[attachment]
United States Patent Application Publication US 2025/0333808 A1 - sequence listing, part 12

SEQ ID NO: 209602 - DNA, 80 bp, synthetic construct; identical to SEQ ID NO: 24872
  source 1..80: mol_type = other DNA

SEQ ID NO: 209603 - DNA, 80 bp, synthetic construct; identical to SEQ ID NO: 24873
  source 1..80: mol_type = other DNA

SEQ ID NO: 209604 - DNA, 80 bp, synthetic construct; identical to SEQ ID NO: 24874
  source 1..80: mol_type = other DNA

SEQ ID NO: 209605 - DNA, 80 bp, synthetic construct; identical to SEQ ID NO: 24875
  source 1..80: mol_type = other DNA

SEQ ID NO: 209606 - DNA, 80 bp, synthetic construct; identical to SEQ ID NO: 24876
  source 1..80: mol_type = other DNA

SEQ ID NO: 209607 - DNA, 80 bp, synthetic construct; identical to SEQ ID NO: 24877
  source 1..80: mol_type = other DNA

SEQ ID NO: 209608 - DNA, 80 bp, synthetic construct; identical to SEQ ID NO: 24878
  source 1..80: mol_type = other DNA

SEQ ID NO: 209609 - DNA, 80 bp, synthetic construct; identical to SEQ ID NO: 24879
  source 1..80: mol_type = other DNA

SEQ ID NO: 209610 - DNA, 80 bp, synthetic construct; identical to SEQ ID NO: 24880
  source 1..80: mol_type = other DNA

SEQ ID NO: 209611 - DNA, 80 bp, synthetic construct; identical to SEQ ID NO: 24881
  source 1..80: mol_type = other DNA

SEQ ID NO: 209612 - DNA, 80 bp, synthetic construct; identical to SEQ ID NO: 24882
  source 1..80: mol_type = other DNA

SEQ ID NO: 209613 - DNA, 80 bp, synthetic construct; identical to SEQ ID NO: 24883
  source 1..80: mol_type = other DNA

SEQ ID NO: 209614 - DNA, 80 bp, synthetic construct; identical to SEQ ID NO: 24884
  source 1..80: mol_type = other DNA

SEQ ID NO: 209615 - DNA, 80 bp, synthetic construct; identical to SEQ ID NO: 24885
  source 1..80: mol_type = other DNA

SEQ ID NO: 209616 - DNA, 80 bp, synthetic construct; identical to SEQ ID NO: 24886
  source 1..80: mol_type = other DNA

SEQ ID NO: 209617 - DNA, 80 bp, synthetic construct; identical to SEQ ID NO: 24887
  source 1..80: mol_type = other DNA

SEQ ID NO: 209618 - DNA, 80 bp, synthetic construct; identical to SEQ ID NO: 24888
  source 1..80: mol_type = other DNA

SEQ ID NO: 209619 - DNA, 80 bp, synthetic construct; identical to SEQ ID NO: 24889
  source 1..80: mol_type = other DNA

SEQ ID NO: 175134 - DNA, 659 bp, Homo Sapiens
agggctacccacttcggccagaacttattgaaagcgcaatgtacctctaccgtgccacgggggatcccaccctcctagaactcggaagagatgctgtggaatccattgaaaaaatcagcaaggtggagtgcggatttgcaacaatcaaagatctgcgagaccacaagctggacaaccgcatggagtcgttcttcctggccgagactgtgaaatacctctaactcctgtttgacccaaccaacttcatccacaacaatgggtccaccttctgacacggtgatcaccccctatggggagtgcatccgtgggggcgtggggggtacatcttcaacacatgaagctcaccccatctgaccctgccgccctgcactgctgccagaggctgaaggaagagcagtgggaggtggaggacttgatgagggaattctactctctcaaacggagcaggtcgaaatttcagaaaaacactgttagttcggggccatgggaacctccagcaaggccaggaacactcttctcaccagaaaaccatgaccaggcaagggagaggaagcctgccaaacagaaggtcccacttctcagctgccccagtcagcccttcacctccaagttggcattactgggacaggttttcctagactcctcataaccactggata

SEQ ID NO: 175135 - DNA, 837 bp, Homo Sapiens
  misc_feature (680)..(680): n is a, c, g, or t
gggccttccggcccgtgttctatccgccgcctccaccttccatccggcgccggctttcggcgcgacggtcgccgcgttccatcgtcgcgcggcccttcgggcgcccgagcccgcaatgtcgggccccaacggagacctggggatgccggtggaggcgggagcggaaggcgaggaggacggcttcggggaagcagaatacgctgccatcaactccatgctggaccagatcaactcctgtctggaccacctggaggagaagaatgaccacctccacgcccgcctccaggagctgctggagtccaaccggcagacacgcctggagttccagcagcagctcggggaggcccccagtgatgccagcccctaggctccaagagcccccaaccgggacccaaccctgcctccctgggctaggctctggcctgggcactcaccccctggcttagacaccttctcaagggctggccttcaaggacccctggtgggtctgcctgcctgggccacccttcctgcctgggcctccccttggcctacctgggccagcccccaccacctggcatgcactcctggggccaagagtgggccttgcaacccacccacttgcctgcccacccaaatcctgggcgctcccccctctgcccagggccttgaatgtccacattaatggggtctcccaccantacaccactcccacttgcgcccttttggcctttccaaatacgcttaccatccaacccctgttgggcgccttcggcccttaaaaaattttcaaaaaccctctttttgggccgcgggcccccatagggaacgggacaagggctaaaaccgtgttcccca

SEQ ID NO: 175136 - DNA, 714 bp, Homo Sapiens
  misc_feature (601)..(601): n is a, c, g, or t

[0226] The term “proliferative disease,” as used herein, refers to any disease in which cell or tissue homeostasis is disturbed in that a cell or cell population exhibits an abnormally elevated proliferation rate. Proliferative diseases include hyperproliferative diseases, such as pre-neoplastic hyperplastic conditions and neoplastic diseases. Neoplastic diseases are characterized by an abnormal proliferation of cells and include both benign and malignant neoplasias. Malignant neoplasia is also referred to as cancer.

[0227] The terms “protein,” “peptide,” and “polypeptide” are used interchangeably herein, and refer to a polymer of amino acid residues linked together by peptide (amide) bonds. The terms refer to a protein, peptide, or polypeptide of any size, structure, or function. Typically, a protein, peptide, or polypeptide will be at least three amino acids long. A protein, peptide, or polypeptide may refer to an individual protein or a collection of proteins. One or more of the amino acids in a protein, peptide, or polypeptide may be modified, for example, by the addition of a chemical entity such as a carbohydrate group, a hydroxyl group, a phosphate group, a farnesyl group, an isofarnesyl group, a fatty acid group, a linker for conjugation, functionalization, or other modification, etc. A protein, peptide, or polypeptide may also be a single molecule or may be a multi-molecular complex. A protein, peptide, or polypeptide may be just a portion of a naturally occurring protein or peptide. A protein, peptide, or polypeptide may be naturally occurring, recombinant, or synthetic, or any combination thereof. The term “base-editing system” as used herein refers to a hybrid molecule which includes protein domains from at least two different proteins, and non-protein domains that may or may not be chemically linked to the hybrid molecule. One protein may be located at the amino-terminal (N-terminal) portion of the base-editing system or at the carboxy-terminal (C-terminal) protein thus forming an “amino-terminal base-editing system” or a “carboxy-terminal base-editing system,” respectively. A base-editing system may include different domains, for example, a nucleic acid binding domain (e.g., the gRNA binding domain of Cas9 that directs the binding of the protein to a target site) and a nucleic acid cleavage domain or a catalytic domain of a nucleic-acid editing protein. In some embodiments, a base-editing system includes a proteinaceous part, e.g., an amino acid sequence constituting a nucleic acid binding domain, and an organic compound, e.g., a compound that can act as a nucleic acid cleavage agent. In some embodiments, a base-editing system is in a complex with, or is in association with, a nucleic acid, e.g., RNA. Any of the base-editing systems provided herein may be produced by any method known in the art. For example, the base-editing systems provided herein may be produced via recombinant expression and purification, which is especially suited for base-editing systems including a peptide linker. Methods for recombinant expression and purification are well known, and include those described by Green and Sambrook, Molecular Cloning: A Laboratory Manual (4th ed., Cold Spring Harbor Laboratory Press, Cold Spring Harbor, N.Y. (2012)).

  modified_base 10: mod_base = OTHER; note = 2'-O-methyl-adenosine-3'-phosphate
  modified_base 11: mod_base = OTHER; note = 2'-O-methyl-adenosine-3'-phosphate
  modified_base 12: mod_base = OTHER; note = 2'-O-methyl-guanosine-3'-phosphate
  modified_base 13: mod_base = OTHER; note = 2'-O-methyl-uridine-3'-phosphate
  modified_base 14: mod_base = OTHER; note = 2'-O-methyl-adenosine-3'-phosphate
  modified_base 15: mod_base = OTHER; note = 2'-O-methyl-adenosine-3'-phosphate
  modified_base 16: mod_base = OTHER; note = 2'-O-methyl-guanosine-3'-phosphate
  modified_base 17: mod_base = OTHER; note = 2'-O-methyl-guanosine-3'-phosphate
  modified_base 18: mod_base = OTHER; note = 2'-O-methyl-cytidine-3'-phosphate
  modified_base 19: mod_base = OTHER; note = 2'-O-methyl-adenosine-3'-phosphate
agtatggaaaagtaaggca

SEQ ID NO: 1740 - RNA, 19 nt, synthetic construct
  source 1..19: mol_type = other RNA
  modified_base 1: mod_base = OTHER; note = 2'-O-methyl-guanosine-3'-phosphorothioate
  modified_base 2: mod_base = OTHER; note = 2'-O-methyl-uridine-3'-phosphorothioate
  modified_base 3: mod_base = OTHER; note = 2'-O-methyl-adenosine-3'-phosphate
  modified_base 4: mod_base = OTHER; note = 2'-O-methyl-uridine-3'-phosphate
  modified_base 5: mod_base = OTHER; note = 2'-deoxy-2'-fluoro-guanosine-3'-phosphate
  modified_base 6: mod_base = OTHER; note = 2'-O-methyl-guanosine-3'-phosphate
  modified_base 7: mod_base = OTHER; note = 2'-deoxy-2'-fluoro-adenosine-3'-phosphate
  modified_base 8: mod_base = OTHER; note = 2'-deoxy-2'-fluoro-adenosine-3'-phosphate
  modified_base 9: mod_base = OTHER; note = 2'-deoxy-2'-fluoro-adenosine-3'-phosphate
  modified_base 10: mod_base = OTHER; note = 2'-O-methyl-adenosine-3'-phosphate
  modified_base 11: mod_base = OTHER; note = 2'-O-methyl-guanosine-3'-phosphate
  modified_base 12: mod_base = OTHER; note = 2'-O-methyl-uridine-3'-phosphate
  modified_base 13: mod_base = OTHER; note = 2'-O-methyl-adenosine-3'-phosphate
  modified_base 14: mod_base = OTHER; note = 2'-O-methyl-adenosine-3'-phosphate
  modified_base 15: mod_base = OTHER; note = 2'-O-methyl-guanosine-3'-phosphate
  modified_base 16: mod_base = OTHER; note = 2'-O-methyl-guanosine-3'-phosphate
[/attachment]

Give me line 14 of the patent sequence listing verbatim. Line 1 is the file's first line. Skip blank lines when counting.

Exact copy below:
SEQ ID NO: 209608 - DNA, 80 bp, synthetic construct; identical to SEQ ID NO: 24878